Spongiotic dermatitis is a skin condition medically recognized as a form of acute eczema. This illness affecting human dermis causes pronounced itchiness, irritation and, sometimes, even pain. Due to these aggravating symptoms, patients, in hope to relieve the discomfort, often aggressively scratch affected areas. This irrational behavior often worsens the condition by increasing the risks of infection and scarring.
The irritating symptoms of spongiotic dermatitis may awake the feeling of hopelessness, but keep in mind, the sky is not as gloomy as it may seem at times. This skin condition is relatively easy to treat and, frankly, even easy to prevent. Keep on reading and you might just find an effective spongiotic dermatitis treatment for yourself.
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Symptoms of Spongiotic Dermatitis
Spongiotic dermatitis is often referred to as spongiotic psoriasiform dermatitis.
This particular illness affects human dermis three times more likely in men than in women
When looking at spongiotic dermatitis pictures available online, a viewer may at first glance think that this condition resembles any other rash-like outbreak. The symptoms of this illness may seem generic; however, they are still distinctive enough for a professional to make a proper diagnosis.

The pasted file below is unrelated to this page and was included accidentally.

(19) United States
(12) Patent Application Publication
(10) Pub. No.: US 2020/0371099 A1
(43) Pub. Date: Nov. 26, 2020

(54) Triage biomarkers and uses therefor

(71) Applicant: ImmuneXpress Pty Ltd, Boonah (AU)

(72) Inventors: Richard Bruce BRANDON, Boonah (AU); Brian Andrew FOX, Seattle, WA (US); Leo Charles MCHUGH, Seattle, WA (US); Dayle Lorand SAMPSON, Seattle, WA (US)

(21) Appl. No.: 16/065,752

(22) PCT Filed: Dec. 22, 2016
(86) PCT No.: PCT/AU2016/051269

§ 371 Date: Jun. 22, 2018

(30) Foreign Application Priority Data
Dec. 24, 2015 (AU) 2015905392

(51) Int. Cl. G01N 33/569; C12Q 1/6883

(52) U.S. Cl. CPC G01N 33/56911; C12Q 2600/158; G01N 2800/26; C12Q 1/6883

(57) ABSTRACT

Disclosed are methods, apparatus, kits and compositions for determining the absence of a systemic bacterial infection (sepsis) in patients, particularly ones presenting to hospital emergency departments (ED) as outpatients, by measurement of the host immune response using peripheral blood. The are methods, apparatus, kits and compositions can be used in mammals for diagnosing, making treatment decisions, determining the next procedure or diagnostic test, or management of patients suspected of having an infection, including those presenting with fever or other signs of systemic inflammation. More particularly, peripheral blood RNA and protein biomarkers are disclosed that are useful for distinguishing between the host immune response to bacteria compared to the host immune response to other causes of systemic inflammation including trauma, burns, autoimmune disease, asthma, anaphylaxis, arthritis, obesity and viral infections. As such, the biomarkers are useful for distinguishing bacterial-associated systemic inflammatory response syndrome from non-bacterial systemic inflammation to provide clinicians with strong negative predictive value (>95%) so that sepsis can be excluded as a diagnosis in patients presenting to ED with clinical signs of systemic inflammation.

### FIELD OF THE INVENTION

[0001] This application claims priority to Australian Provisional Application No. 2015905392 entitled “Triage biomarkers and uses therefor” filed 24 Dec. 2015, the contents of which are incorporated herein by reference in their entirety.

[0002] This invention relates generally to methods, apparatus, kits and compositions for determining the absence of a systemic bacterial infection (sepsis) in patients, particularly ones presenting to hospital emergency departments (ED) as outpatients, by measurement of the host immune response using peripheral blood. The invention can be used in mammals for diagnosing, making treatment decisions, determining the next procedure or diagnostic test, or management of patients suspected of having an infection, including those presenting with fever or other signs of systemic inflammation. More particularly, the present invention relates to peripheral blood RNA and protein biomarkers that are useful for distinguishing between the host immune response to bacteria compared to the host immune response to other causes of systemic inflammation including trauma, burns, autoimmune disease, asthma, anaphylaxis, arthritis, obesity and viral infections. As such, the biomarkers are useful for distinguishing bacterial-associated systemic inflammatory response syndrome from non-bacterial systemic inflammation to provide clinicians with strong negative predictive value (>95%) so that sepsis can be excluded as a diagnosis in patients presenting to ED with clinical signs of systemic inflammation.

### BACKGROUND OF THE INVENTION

If you haven’t yet been diagnosed with spongiotic dermatitis, take a look at this list of symptoms and compare it to your unknown outbreak on the skin:
- Severe itching, especially felt at night
- Inflammation of the skin which is caused by the release of histamine. Histamine is active substance in the body responsible for inflammatory response to allergens, infections and physical damage.
- Red patches on the skin that often turn into brownish-gray color or even black, when left untreated.
- Small, protruding bumps, blisters, that contain fluid
- Thickened, dry, scaly, and cracked skin
- Sensitive, swollen, and raw skin that usually occurs due to scratching
These symptoms usually affect skin on chest, buttocks, and stomach. It is unusual for these signs to appear on head or scalp. Even if the targeted locations are private and not exposed to the public, they still can make a patient feel insecure to the point when question “Is spongiotic dermatitis contagious?” starts burdening the patient’s mind. Gladly, this illness is not contagious sand cannot be transmitted to another person by any kind of contact.
Causes of Spongiotic Dermatitis
When signs of chronic spongiotic dermatitis suddenly and recurrently affect the skin, a person has to evaluate and take into consideration all possible causes of this physically and mentally draining condition. Are the internal changes within your body responsible for the rash-lake outbreaks or are the environmental elements irritating your skin to the point of such aggressive response?
Here is a list of possible spongiotic dermatitis causes and triggers:
- Food allergies
- Cosmetics, dyes, skincare products, harsh detergents, soaps, cleaning supplies, and solvents
- Insect bites
- Environmental factors, such as temperature extremes